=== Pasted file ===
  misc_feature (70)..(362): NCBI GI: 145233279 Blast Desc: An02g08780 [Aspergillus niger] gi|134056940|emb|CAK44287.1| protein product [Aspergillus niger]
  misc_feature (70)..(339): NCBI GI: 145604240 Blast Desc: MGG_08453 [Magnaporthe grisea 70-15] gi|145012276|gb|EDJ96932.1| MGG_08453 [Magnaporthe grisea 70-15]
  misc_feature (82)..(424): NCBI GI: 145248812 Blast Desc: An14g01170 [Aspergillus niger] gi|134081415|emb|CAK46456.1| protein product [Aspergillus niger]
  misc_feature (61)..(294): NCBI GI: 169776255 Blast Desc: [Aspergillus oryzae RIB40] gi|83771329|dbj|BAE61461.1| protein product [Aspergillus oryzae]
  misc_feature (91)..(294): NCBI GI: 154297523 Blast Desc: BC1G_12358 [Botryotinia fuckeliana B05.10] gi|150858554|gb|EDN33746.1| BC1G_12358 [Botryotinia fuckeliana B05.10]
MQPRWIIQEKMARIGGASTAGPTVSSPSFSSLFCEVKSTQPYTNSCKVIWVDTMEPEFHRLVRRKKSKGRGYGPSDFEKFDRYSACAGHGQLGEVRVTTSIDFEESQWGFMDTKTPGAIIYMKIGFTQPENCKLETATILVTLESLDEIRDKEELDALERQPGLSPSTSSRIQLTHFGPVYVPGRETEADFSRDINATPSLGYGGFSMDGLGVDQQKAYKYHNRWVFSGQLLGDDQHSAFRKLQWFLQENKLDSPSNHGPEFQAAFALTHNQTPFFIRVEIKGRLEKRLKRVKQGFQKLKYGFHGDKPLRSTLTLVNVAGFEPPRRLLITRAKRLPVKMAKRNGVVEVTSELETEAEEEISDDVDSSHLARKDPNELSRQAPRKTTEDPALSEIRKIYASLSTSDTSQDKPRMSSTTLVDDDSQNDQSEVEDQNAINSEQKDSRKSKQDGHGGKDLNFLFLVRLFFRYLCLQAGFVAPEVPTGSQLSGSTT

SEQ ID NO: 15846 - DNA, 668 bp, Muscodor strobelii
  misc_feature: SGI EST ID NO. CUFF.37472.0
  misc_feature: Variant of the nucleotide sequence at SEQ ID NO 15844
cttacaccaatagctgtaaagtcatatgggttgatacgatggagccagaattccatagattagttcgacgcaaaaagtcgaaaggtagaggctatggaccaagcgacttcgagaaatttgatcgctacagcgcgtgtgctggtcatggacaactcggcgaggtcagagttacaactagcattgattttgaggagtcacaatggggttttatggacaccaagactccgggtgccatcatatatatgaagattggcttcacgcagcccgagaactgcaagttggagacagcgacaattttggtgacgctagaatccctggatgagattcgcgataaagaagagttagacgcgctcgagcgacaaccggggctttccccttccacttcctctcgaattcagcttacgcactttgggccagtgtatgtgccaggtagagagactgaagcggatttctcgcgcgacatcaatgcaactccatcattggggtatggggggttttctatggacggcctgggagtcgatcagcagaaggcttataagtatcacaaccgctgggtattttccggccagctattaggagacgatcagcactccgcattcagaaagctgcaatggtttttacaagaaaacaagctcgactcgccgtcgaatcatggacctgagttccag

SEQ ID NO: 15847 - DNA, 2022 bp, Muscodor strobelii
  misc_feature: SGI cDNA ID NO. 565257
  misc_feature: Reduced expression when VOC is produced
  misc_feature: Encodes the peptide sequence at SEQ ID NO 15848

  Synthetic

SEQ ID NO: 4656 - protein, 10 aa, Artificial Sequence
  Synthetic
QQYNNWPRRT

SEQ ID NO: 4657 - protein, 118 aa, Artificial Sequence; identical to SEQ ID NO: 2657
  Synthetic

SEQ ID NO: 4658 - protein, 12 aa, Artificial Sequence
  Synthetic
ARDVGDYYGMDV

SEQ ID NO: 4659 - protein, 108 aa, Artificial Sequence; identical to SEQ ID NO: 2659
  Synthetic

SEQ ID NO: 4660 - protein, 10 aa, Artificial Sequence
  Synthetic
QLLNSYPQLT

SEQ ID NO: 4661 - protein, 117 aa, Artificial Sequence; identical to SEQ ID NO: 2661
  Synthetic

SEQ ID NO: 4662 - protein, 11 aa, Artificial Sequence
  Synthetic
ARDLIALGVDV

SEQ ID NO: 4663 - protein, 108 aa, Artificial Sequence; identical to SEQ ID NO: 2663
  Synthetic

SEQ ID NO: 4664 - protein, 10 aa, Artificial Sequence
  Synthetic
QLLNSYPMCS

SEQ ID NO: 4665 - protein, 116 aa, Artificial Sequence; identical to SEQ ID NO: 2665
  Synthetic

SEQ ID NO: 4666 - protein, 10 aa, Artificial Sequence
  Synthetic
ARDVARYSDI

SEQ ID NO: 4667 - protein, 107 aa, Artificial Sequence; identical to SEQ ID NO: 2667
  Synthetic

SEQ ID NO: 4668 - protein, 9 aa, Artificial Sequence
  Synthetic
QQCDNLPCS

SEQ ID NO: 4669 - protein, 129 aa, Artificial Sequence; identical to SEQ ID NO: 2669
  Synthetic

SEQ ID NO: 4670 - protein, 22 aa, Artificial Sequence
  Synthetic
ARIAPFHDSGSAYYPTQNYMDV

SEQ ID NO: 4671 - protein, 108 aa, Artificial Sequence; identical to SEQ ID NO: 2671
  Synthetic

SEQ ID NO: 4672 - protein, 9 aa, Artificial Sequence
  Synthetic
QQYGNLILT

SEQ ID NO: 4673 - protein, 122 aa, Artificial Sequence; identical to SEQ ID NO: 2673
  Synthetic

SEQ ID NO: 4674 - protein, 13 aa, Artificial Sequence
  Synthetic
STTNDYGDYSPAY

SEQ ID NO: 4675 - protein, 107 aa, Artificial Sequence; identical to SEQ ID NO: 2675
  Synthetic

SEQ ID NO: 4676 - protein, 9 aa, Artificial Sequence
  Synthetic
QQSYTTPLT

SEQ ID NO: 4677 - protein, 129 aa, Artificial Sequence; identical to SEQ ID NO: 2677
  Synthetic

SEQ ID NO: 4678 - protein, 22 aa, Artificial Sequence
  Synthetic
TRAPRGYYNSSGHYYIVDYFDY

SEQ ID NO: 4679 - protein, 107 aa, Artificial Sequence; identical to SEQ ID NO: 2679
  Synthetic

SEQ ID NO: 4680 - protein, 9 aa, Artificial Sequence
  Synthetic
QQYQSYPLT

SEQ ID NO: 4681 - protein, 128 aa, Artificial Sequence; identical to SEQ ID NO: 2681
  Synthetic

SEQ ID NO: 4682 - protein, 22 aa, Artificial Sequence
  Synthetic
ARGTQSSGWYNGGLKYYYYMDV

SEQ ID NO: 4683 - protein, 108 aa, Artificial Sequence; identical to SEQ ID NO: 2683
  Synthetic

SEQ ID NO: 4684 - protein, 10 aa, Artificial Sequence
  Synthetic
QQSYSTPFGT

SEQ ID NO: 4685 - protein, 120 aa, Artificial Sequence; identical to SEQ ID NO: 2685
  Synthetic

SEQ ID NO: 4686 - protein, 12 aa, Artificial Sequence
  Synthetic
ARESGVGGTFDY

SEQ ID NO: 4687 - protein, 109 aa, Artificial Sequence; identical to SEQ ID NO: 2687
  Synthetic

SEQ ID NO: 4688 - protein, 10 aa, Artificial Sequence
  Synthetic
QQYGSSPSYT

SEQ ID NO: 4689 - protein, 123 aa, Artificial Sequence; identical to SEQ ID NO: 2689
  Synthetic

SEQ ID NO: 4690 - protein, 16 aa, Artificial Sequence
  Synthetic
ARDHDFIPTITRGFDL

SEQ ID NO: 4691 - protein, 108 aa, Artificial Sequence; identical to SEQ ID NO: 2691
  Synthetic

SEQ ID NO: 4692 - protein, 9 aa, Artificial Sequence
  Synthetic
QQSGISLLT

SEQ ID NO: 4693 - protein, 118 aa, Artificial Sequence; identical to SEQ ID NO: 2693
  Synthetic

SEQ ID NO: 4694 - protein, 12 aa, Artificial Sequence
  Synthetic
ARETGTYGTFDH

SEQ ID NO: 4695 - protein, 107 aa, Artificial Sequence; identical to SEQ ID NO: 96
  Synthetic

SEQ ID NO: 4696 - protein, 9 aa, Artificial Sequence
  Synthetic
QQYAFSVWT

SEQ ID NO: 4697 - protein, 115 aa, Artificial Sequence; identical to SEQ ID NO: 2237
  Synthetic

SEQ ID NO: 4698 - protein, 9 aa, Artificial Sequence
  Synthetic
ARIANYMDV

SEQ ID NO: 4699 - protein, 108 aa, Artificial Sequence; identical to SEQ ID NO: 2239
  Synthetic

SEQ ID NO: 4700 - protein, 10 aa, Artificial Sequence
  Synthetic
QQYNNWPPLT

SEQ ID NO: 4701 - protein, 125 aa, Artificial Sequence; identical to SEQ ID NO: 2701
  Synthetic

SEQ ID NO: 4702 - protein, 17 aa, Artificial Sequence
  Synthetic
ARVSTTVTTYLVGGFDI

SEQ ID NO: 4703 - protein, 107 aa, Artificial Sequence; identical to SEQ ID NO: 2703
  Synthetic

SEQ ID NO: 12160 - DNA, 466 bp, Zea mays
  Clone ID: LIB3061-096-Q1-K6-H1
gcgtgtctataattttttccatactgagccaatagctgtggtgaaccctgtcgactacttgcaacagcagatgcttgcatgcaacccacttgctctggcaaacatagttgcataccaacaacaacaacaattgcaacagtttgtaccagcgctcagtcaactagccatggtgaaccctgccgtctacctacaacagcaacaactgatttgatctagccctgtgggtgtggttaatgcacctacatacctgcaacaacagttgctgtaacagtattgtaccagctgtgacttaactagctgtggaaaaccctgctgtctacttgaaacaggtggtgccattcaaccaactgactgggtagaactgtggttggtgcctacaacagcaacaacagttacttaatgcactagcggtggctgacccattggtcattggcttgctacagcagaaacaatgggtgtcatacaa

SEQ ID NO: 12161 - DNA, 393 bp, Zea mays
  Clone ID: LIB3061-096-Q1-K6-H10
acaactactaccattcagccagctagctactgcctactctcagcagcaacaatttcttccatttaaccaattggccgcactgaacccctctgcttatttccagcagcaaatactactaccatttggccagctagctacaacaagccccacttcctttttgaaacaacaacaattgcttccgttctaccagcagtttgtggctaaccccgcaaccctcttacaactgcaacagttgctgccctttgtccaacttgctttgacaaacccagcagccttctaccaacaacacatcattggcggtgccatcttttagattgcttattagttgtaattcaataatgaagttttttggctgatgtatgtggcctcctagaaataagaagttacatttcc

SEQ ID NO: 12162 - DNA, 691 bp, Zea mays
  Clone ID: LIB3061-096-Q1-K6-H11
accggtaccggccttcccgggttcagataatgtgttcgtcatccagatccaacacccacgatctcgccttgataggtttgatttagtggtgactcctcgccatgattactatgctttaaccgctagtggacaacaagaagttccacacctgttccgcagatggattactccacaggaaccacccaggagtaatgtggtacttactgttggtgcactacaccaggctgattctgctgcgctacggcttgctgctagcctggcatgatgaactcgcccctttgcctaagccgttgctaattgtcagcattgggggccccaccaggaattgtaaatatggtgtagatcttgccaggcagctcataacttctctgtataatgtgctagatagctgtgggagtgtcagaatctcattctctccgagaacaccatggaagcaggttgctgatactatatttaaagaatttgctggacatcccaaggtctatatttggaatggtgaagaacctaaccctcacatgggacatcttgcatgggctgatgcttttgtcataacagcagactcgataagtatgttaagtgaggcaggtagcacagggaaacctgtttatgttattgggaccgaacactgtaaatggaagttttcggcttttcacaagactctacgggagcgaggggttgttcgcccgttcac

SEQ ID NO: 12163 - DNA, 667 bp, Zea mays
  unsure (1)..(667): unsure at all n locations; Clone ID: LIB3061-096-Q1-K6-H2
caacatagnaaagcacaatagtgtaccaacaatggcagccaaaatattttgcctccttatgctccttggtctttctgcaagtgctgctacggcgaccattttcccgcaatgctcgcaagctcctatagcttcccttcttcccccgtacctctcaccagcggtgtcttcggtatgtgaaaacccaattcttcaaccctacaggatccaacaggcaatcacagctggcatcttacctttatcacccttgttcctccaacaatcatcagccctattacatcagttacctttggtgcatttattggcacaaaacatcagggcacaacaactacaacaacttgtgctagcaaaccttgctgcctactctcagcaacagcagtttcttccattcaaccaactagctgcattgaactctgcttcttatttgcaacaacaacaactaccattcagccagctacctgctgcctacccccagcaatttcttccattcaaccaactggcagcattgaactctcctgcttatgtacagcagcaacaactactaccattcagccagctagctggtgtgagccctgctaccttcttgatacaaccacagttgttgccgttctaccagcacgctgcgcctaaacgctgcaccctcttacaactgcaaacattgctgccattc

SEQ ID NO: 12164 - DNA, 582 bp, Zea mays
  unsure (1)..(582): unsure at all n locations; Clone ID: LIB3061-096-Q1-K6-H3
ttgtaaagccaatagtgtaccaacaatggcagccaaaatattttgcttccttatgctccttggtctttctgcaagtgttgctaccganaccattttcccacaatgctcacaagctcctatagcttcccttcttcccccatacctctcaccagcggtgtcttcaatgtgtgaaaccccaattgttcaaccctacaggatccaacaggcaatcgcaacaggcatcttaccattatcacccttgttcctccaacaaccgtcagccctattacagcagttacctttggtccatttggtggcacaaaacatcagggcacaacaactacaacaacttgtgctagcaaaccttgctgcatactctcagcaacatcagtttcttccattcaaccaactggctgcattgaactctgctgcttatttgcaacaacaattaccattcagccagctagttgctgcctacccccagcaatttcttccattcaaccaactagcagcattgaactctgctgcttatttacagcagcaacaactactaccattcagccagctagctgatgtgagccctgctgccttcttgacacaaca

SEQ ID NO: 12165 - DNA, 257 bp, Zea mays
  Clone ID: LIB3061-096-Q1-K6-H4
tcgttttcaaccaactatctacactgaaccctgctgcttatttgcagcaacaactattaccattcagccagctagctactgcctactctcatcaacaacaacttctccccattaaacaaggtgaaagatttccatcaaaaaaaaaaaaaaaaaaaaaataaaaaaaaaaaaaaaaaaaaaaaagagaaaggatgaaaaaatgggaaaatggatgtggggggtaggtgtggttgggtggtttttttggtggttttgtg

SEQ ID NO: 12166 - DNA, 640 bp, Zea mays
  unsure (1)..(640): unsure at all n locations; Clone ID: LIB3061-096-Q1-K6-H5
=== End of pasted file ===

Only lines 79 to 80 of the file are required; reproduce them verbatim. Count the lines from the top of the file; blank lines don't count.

SEQ ID NO: 4681 - protein, 128 aa, Artificial Sequence; identical to SEQ ID NO: 2681
  Synthetic